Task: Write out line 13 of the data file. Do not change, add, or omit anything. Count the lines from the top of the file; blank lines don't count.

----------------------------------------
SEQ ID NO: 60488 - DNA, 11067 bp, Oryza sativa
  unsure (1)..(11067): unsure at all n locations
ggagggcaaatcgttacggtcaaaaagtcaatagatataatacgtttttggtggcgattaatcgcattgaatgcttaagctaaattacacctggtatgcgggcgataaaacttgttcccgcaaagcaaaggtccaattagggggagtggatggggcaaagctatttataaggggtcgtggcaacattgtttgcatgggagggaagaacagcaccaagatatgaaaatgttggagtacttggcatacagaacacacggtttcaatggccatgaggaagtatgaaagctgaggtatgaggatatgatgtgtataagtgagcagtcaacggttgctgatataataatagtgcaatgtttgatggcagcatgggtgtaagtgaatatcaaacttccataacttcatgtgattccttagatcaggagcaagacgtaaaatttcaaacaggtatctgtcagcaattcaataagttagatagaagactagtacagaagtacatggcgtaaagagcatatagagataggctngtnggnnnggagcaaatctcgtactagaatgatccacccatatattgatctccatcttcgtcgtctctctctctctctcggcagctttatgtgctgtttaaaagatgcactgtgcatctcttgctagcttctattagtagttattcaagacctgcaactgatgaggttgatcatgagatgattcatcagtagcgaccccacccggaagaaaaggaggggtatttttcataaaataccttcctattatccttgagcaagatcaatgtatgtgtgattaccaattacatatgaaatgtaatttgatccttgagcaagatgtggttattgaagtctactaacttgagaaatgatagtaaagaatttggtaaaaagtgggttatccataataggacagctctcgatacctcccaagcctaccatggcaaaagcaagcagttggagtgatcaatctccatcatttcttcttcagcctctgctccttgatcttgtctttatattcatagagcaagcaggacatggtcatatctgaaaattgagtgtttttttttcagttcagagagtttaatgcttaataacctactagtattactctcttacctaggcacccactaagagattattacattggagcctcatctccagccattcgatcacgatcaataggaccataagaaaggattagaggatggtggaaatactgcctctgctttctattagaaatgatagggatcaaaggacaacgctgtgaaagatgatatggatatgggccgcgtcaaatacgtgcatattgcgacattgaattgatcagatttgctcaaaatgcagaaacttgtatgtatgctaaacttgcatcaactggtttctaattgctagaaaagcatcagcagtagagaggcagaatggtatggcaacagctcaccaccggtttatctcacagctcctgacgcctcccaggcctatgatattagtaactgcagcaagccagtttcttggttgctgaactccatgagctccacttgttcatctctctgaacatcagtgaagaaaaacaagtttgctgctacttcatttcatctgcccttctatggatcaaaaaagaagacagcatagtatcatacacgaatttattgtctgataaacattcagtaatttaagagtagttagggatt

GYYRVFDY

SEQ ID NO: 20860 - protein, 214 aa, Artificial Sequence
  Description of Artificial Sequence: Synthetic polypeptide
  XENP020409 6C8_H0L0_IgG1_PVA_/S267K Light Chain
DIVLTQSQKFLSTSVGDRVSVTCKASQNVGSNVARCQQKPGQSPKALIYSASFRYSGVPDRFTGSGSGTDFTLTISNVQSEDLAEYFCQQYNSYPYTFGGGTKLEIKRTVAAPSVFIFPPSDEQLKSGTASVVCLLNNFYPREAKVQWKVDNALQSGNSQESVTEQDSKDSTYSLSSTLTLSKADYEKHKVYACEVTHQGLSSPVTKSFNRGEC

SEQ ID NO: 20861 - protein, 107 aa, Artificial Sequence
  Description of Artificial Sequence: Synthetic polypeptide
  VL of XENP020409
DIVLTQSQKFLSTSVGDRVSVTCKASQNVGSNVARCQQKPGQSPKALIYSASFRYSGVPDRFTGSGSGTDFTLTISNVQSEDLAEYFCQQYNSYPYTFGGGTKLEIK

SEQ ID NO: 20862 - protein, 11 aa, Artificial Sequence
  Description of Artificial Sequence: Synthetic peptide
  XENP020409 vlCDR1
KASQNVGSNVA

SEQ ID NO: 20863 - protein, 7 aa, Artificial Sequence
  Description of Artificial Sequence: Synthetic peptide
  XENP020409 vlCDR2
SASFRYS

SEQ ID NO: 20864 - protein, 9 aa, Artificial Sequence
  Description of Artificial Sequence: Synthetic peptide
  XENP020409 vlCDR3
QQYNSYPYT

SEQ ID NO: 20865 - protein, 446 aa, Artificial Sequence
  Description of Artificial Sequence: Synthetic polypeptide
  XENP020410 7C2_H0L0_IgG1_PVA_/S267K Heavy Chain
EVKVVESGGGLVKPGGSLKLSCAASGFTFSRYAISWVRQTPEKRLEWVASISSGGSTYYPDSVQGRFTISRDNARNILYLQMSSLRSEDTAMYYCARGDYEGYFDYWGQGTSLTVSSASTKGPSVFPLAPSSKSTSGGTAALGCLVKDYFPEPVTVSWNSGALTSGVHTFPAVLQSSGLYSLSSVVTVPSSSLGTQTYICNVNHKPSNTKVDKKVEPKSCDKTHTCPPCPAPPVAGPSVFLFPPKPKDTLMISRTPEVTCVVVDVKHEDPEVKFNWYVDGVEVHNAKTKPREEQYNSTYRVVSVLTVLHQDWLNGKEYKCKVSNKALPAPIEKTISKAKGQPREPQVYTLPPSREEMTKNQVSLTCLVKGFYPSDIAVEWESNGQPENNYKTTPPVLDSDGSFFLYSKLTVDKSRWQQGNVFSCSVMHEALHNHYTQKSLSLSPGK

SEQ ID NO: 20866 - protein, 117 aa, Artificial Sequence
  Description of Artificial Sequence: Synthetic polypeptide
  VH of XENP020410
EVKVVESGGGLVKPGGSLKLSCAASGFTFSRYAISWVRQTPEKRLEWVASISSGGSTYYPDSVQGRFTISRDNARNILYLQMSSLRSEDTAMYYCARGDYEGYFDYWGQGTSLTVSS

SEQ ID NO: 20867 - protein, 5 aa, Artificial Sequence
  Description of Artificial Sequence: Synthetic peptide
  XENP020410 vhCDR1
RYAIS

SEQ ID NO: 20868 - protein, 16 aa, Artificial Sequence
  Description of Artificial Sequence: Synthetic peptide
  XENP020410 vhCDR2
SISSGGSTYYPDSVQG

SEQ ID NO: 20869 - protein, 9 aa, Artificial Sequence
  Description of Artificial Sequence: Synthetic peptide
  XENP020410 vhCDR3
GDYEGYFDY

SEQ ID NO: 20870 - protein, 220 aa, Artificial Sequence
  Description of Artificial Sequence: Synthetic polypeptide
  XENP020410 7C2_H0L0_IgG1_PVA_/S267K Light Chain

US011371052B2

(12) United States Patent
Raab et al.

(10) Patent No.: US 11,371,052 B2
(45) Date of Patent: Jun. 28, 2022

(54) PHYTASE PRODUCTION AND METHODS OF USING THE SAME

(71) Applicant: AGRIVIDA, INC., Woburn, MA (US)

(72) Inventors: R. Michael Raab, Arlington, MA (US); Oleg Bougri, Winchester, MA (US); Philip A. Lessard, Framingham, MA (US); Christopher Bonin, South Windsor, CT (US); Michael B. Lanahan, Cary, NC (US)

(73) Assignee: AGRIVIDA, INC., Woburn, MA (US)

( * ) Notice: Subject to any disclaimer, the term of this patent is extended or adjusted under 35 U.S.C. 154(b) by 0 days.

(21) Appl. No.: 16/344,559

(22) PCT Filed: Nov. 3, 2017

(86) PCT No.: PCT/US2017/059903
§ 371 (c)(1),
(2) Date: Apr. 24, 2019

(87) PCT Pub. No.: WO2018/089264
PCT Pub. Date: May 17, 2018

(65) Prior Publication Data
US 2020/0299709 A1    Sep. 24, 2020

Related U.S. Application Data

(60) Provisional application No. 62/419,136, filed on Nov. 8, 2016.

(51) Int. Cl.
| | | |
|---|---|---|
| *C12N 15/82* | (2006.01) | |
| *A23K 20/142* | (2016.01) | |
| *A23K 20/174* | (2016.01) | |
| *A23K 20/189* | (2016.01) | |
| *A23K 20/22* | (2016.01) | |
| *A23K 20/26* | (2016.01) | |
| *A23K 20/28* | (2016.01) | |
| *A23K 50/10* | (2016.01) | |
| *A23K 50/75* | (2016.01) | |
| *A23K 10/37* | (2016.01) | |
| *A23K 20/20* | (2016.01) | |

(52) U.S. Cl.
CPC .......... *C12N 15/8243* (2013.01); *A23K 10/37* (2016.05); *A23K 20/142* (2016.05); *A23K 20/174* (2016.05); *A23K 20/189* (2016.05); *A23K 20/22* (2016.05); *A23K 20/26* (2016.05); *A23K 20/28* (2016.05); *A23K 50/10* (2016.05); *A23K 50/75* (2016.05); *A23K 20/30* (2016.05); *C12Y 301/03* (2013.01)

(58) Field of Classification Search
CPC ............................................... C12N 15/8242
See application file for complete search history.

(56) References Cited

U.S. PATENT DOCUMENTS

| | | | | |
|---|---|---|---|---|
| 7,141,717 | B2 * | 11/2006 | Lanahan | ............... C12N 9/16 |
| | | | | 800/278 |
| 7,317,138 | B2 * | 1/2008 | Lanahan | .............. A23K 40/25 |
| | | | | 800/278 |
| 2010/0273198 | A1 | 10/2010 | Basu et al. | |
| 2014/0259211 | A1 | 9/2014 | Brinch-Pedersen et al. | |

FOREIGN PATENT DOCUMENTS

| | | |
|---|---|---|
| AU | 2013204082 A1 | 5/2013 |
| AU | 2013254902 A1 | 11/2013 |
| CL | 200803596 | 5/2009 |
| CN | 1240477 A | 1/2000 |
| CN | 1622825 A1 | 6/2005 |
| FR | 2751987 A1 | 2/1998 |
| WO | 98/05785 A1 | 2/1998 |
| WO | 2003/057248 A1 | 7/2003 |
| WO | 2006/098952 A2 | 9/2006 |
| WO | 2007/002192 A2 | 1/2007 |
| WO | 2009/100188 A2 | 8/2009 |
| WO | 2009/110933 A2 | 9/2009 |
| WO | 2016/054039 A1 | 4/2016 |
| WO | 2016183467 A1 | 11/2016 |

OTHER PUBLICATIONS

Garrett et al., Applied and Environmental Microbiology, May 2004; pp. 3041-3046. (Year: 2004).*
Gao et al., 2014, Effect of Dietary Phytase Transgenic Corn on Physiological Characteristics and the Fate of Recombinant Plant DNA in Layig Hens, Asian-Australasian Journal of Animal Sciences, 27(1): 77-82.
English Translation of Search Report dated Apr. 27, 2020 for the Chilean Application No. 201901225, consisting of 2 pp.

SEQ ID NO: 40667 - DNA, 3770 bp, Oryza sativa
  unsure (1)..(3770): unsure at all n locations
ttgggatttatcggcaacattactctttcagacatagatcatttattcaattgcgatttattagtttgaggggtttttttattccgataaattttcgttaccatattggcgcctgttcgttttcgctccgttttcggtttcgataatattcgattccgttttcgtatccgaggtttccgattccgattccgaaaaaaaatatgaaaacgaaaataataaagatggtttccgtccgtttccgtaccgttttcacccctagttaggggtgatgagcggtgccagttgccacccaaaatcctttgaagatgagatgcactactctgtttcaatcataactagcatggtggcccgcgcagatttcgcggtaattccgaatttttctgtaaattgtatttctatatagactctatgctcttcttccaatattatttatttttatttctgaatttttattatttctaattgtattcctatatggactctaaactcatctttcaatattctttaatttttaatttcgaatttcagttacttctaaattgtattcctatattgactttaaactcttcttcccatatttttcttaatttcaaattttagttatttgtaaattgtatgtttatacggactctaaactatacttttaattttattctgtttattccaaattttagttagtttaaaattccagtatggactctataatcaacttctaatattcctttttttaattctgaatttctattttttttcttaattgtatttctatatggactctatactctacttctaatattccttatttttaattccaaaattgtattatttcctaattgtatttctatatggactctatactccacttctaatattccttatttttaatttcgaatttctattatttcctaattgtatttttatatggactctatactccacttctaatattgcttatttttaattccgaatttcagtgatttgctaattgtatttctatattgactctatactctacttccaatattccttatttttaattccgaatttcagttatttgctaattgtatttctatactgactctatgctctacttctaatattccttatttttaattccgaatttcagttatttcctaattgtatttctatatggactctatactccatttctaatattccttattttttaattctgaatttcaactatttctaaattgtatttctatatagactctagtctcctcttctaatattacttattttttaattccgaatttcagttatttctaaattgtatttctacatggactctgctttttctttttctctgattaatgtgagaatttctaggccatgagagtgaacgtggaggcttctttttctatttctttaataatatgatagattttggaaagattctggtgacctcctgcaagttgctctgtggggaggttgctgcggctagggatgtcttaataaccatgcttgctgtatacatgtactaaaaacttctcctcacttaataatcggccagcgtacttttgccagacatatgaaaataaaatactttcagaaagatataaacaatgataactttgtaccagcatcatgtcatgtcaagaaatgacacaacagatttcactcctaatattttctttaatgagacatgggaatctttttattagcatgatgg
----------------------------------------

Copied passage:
SEQ ID NO: 20862 - protein, 11 aa, Artificial Sequence